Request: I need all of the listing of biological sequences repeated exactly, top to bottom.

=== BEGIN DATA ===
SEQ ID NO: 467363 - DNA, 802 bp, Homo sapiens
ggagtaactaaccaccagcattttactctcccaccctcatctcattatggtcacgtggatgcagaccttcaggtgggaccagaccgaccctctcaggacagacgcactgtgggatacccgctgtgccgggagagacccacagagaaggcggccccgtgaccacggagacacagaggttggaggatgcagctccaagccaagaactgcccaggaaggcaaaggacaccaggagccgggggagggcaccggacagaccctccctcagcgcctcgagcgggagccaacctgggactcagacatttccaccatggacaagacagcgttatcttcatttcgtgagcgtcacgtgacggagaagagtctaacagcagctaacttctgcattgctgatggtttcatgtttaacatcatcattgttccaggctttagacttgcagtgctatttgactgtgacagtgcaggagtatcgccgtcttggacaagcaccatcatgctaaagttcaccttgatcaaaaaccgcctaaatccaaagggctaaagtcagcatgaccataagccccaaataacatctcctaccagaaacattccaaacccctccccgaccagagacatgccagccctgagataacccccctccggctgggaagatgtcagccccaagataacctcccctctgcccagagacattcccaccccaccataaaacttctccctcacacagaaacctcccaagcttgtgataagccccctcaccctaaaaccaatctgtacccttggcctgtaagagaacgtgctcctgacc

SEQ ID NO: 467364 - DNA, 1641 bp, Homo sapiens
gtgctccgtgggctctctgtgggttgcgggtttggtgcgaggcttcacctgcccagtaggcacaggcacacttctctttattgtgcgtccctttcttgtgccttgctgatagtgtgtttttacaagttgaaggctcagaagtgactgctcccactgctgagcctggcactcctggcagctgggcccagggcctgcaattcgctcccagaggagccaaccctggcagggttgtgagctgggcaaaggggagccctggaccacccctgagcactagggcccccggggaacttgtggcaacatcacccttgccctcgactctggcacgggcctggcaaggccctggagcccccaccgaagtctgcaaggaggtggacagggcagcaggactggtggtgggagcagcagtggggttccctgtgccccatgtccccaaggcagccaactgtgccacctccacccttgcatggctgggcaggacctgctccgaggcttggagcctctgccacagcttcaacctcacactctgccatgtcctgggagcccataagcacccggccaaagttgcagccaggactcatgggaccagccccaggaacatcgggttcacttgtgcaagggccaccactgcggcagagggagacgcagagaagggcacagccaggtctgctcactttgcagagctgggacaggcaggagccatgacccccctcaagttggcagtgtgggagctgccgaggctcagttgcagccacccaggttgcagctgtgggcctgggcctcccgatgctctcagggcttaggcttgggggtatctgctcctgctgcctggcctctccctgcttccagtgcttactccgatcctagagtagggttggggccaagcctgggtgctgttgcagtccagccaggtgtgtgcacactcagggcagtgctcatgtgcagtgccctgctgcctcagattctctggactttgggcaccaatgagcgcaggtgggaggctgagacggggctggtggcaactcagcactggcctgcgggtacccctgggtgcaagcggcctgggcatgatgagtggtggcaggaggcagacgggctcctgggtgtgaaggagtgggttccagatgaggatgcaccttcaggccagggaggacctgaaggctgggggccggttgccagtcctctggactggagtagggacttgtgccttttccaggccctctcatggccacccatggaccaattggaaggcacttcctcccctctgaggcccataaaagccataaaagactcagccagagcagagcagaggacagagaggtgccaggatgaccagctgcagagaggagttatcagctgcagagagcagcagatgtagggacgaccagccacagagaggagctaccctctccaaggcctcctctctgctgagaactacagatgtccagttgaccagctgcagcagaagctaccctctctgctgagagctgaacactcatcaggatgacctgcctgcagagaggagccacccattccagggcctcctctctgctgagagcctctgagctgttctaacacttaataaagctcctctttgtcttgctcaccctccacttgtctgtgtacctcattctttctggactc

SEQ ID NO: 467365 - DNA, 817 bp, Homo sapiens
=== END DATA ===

SEQ ID NO: 467363 - DNA, 802 bp, Homo sapiens
ggagtaactaaccaccagcattttactctcccaccctcatctcattatggtcacgtggatgcagaccttcaggtgggaccagaccgaccctctcaggacagacgcactgtgggatacccgctgtgccgggagagacccacagagaaggcggccccgtgaccacggagacacagaggttggaggatgcagctccaagccaagaactgcccaggaaggcaaaggacaccaggagccgggggagggcaccggacagaccctccctcagcgcctcgagcgggagccaacctgggactcagacatttccaccatggacaagacagcgttatcttcatttcgtgagcgtcacgtgacggagaagagtctaacagcagctaacttctgcattgctgatggtttcatgtttaacatcatcattgttccaggctttagacttgcagtgctatttgactgtgacagtgcaggagtatcgccgtcttggacaagcaccatcatgctaaagttcaccttgatcaaaaaccgcctaaatccaaagggctaaagtcagcatgaccataagccccaaataacatctcctaccagaaacattccaaacccctccccgaccagagacatgccagccctgagataacccccctccggctgggaagatgtcagccccaagataacctcccctctgcccagagacattcccaccccaccataaaacttctccctcacacagaaacctcccaagcttgtgataagccccctcaccctaaaaccaatctgtacccttggcctgtaagagaacgtgctcctgacc

SEQ ID NO: 467364 - DNA, 1641 bp, Homo sapiens
gtgctccgtgggctctctgtgggttgcgggtttggtgcgaggcttcacctgcccagtaggcacaggcacacttctctttattgtgcgtccctttcttgtgccttgctgatagtgtgtttttacaagttgaaggctcagaagtgactgctcccactgctgagcctggcactcctggcagctgggcccagggcctgcaattcgctcccagaggagccaaccctggcagggttgtgagctgggcaaaggggagccctggaccacccctgagcactagggcccccggggaacttgtggcaacatcacccttgccctcgactctggcacgggcctggcaaggccctggagcccccaccgaagtctgcaaggaggtggacagggcagcaggactggtggtgggagcagcagtggggttccctgtgccccatgtccccaaggcagccaactgtgccacctccacccttgcatggctgggcaggacctgctccgaggcttggagcctctgccacagcttcaacctcacactctgccatgtcctgggagcccataagcacccggccaaagttgcagccaggactcatgggaccagccccaggaacatcgggttcacttgtgcaagggccaccactgcggcagagggagacgcagagaagggcacagccaggtctgctcactttgcagagctgggacaggcaggagccatgacccccctcaagttggcagtgtgggagctgccgaggctcagttgcagccacccaggttgcagctgtgggcctgggcctcccgatgctctcagggcttaggcttgggggtatctgctcctgctgcctggcctctccctgcttccagtgcttactccgatcctagagtagggttggggccaagcctgggtgctgttgcagtccagccaggtgtgtgcacactcagggcagtgctcatgtgcagtgccctgctgcctcagattctctggactttgggcaccaatgagcgcaggtgggaggctgagacggggctggtggcaactcagcactggcctgcgggtacccctgggtgcaagcggcctgggcatgatgagtggtggcaggaggcagacgggctcctgggtgtgaaggagtgggttccagatgaggatgcaccttcaggccagggaggacctgaaggctgggggccggttgccagtcctctggactggagtagggacttgtgccttttccaggccctctcatggccacccatggaccaattggaaggcacttcctcccctctgaggcccataaaagccataaaagactcagccagagcagagcagaggacagagaggtgccaggatgaccagctgcagagaggagttatcagctgcagagagcagcagatgtagggacgaccagccacagagaggagctaccctctccaaggcctcctctctgctgagaactacagatgtccagttgaccagctgcagcagaagctaccctctctgctgagagctgaacactcatcaggatgacctgcctgcagagaggagccacccattccagggcctcctctctgctgagagcctctgagctgttctaacacttaataaagctcctctttgtcttgctcaccctccacttgtctgtgtacctcattctttctggactc

SEQ ID NO: 467365 - DNA, 817 bp, Homo sapiens